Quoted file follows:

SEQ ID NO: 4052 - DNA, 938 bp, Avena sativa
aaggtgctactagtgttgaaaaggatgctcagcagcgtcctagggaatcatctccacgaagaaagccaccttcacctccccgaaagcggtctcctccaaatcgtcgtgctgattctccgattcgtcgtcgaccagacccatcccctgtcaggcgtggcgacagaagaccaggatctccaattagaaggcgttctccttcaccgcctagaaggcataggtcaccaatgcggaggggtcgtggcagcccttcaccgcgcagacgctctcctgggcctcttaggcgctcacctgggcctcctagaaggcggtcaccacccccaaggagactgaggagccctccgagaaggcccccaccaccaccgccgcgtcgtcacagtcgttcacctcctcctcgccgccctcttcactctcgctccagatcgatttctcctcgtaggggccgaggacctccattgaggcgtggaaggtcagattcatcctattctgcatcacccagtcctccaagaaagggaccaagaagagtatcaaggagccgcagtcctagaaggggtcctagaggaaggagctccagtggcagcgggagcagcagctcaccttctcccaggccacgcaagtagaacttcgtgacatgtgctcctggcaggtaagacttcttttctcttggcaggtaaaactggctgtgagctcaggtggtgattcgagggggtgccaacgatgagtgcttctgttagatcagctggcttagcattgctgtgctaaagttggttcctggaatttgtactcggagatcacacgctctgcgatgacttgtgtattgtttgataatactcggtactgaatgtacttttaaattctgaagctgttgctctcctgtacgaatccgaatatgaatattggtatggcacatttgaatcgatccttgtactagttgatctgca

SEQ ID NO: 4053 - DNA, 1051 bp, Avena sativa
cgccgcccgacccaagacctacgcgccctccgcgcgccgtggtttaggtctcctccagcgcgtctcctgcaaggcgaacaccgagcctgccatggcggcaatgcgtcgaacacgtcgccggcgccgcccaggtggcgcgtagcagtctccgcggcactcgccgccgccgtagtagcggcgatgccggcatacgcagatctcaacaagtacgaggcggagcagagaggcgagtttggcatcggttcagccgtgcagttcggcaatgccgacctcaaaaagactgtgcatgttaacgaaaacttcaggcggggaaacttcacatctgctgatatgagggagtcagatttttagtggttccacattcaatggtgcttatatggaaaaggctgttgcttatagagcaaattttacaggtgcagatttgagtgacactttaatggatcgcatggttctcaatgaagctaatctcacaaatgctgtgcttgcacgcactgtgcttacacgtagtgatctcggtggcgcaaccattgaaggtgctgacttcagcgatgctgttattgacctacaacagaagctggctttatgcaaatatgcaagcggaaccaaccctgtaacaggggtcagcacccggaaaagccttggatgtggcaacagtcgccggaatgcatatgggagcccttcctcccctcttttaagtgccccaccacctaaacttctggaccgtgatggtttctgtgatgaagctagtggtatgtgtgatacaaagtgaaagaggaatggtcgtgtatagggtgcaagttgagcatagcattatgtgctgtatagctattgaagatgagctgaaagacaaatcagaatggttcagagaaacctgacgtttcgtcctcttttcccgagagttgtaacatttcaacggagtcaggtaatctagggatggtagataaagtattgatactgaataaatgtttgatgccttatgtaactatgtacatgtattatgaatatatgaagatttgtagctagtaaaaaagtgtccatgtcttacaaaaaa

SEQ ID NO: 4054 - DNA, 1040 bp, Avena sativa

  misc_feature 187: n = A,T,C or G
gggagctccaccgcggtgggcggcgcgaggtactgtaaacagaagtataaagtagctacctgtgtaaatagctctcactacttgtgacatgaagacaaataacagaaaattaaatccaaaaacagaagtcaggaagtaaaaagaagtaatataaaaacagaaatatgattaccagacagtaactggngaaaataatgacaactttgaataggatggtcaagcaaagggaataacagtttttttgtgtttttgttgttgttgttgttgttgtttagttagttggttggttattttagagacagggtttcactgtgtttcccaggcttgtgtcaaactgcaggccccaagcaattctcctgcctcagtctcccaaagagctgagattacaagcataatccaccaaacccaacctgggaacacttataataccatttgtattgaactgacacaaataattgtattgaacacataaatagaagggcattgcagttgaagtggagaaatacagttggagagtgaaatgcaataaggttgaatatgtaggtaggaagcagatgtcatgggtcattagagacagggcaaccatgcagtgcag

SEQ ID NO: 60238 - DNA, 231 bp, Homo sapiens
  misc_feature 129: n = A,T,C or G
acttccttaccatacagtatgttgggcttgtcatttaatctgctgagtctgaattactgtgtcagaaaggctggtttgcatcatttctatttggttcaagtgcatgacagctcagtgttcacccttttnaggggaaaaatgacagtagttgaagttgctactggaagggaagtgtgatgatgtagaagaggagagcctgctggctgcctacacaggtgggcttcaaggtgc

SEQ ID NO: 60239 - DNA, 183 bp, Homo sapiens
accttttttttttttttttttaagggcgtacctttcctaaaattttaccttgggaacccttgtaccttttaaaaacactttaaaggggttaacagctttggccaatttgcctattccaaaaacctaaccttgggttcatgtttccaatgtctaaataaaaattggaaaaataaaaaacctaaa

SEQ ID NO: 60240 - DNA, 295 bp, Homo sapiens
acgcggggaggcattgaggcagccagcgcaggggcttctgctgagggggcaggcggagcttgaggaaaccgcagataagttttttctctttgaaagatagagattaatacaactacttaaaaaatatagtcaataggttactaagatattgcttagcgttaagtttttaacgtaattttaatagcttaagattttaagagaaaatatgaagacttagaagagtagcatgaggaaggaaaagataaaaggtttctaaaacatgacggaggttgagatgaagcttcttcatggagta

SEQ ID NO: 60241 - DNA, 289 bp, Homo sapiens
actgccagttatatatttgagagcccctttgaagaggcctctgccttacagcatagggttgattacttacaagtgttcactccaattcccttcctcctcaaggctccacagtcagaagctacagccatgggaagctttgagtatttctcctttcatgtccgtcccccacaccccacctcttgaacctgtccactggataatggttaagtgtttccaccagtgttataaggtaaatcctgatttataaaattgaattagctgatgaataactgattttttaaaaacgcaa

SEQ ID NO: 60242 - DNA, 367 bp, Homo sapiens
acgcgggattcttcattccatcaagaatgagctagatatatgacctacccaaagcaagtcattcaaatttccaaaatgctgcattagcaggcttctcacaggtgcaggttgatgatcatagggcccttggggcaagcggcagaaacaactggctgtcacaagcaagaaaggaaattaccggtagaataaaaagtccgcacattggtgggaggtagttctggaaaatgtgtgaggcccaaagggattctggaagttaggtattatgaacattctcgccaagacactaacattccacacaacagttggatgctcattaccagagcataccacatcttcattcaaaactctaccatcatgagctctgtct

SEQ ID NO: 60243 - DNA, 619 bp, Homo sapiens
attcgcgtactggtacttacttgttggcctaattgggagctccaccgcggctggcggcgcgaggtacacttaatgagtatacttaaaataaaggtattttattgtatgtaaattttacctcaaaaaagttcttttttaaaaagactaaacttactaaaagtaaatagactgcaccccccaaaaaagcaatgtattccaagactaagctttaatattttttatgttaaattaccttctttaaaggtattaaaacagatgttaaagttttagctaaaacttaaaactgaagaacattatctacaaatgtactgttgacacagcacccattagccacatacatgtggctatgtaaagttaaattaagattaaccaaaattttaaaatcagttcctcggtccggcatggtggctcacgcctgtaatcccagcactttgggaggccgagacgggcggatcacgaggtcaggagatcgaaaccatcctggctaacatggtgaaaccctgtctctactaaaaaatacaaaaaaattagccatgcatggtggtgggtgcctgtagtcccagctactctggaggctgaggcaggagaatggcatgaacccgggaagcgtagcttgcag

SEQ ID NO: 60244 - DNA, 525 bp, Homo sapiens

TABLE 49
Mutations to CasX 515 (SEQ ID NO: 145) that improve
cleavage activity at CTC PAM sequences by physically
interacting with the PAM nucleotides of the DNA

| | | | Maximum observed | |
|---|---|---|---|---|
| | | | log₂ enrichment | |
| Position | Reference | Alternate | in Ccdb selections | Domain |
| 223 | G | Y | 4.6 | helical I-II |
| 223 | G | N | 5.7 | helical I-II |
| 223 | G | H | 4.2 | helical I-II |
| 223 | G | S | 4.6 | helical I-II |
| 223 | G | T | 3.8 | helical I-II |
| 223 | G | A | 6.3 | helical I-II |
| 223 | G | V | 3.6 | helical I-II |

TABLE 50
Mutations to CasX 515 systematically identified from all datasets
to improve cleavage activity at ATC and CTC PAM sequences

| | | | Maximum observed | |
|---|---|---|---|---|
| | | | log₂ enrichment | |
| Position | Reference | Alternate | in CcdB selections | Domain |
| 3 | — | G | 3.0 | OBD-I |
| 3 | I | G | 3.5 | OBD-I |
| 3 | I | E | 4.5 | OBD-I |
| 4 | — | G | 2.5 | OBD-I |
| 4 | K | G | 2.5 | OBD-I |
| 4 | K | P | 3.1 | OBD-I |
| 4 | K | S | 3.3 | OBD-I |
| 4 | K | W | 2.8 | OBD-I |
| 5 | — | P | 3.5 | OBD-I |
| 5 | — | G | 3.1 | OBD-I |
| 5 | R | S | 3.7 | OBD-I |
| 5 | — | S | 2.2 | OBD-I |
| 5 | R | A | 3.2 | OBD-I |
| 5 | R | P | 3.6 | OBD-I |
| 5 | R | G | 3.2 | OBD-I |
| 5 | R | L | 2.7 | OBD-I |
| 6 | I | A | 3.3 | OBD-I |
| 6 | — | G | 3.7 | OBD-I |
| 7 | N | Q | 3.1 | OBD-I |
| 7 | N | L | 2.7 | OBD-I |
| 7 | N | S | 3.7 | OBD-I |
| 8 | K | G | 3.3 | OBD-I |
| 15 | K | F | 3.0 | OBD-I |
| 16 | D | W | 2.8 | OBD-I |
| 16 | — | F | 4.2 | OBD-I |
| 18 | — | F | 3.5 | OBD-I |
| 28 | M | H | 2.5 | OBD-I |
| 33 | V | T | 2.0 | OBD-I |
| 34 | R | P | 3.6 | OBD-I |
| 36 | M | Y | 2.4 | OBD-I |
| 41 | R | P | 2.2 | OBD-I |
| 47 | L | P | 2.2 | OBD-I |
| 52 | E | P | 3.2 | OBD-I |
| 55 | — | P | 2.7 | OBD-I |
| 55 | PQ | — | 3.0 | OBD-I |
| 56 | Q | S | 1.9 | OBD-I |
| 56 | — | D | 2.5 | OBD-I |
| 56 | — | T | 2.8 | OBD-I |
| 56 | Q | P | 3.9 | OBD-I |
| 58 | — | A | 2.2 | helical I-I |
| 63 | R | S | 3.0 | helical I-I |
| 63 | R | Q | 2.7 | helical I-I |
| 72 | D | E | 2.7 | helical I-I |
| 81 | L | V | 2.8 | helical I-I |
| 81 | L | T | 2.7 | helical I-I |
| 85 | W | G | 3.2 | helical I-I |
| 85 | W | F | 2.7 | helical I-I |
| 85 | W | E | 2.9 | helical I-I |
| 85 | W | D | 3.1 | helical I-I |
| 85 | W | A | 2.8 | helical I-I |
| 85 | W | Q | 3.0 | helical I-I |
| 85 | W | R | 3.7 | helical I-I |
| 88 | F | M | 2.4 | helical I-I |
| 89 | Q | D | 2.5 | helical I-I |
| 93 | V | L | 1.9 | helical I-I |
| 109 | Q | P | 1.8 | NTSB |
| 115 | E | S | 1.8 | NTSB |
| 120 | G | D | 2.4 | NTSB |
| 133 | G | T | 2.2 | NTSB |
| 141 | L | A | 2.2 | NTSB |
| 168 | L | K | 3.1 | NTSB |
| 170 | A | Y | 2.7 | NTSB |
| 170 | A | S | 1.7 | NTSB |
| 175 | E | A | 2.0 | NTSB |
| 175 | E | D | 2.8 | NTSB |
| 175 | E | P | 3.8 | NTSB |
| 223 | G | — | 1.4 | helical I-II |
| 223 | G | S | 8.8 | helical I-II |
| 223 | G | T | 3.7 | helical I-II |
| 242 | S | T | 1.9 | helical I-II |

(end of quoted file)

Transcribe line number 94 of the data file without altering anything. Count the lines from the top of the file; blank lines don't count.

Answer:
| 85 | W | Q | 3.0 | helical I-I |